Yes, the French government is careful. It doesn’t want French consumers to be misled into believing that “goods from Palestinian occupied territories were produced in Israel” (ibid). How thoughtful.

This announcement made France the very first EU member-state to implement the 2015 anti-Israel ‘guideline’ to label these products. That 2015 guideline declared that, if Israeli farm goods and other consumer products which come from ‘settlements’ are to be sold in EU countries, Israeli producers must explicitly label these products as coming from “settlements built on land occupied by Israel” [emphasis mine] (Robin Emmott and Luke Baker, “EU moves ahead with labelling goods made in Israeli settlements”, reuters, November 11, 2015). How thoughtful.

In response to the French move, Michael Oren fired off a twitter (on Sunday night, November 27, 2016). In that twitter, he said, “France is labeling Israeli products from Judea, Samaria, and the Golan. Israelis should think twice before buying French products” (Barak Ravid, “Michael Oren, French Ambassador to Israel Engage in Twitter War”, haaretz, November 28, 2016).

What happened next was interesting. First, was the timing: it took only ten hours for Helene LeGal, French Ambassador to Israel, to respond. The Second point of interest was what LeGal said in her response: she accused Oren of calling for a boycott, something he hadn’t done. The third point of interest is how LeGal worded her responding twit. She said, “so you are calling for boycotting French products when in France boycotting Israel is punished by law?” (haaretz, ibid).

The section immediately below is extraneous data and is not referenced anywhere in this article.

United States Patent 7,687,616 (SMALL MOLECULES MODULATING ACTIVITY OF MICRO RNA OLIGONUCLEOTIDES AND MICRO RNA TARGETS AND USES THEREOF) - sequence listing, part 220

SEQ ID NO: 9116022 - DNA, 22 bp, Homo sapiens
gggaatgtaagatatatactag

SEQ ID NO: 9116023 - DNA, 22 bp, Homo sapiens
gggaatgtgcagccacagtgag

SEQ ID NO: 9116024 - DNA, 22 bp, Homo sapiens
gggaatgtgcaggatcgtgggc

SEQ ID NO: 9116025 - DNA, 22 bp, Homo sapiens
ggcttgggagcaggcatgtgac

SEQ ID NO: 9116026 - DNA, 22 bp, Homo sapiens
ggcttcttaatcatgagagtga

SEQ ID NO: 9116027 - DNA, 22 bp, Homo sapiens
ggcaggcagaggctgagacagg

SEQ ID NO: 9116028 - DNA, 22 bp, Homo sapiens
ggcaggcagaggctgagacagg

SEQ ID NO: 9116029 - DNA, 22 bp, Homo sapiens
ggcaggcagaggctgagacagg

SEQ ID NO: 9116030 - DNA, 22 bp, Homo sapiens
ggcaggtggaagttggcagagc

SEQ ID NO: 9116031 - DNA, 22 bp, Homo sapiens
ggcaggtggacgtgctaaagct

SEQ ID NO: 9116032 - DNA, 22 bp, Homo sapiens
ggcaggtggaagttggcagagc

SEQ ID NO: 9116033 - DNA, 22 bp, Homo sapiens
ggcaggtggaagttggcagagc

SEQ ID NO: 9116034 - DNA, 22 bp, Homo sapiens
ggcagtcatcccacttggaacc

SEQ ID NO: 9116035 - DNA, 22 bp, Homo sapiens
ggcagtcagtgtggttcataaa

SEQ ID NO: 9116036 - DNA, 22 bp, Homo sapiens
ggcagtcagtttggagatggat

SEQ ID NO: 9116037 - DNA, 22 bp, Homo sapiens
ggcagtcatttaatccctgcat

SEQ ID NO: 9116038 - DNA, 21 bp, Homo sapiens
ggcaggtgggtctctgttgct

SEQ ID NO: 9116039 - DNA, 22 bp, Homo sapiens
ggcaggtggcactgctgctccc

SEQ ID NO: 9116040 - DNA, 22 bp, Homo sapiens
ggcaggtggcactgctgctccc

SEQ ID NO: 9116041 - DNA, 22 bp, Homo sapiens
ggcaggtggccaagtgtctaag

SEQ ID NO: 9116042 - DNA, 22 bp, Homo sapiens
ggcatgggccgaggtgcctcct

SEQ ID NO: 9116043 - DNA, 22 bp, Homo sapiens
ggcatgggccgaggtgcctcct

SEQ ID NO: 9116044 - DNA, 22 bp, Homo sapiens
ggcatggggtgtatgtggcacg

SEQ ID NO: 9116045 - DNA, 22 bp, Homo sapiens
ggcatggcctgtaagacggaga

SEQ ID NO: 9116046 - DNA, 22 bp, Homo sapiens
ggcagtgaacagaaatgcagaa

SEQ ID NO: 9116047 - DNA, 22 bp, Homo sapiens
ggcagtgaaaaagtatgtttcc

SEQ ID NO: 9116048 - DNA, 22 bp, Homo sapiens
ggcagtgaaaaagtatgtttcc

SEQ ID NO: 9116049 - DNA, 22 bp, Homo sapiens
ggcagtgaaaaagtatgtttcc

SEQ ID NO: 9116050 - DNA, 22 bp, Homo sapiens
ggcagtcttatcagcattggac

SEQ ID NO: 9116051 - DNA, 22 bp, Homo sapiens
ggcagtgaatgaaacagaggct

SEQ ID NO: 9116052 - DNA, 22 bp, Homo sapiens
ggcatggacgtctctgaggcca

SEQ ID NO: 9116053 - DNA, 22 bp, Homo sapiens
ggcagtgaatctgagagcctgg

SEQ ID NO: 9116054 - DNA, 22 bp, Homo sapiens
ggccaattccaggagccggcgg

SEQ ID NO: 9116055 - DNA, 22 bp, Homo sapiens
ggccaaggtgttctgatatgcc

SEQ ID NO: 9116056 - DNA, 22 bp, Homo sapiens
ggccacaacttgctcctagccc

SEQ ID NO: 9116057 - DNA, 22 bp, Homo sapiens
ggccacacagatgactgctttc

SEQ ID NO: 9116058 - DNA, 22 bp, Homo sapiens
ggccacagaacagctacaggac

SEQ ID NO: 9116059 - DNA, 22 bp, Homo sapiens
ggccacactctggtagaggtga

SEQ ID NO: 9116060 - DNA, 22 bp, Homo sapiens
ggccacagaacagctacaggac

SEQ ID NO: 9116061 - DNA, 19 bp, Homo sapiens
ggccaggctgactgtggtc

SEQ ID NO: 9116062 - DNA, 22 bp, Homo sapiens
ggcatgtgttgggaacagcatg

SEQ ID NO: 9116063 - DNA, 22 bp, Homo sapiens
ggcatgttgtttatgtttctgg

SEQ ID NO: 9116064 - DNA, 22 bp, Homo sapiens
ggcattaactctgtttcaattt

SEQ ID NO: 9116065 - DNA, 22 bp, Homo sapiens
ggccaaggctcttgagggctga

Think about that response: Oren, like the French announcement, didn’t use the word, ‘boycott’. Nevertheless, France’s call to label does support the BDS (Boycott, Sanctions and Divestment) Movement, which calls to stop buying Israeli product. The French labels will certainly help French shoppers to ‘think twice about buying Israeli product’. But when Oren suggests that Israelis think twice about buying French products, LeGal tells Oren that boycotts in France are illegal?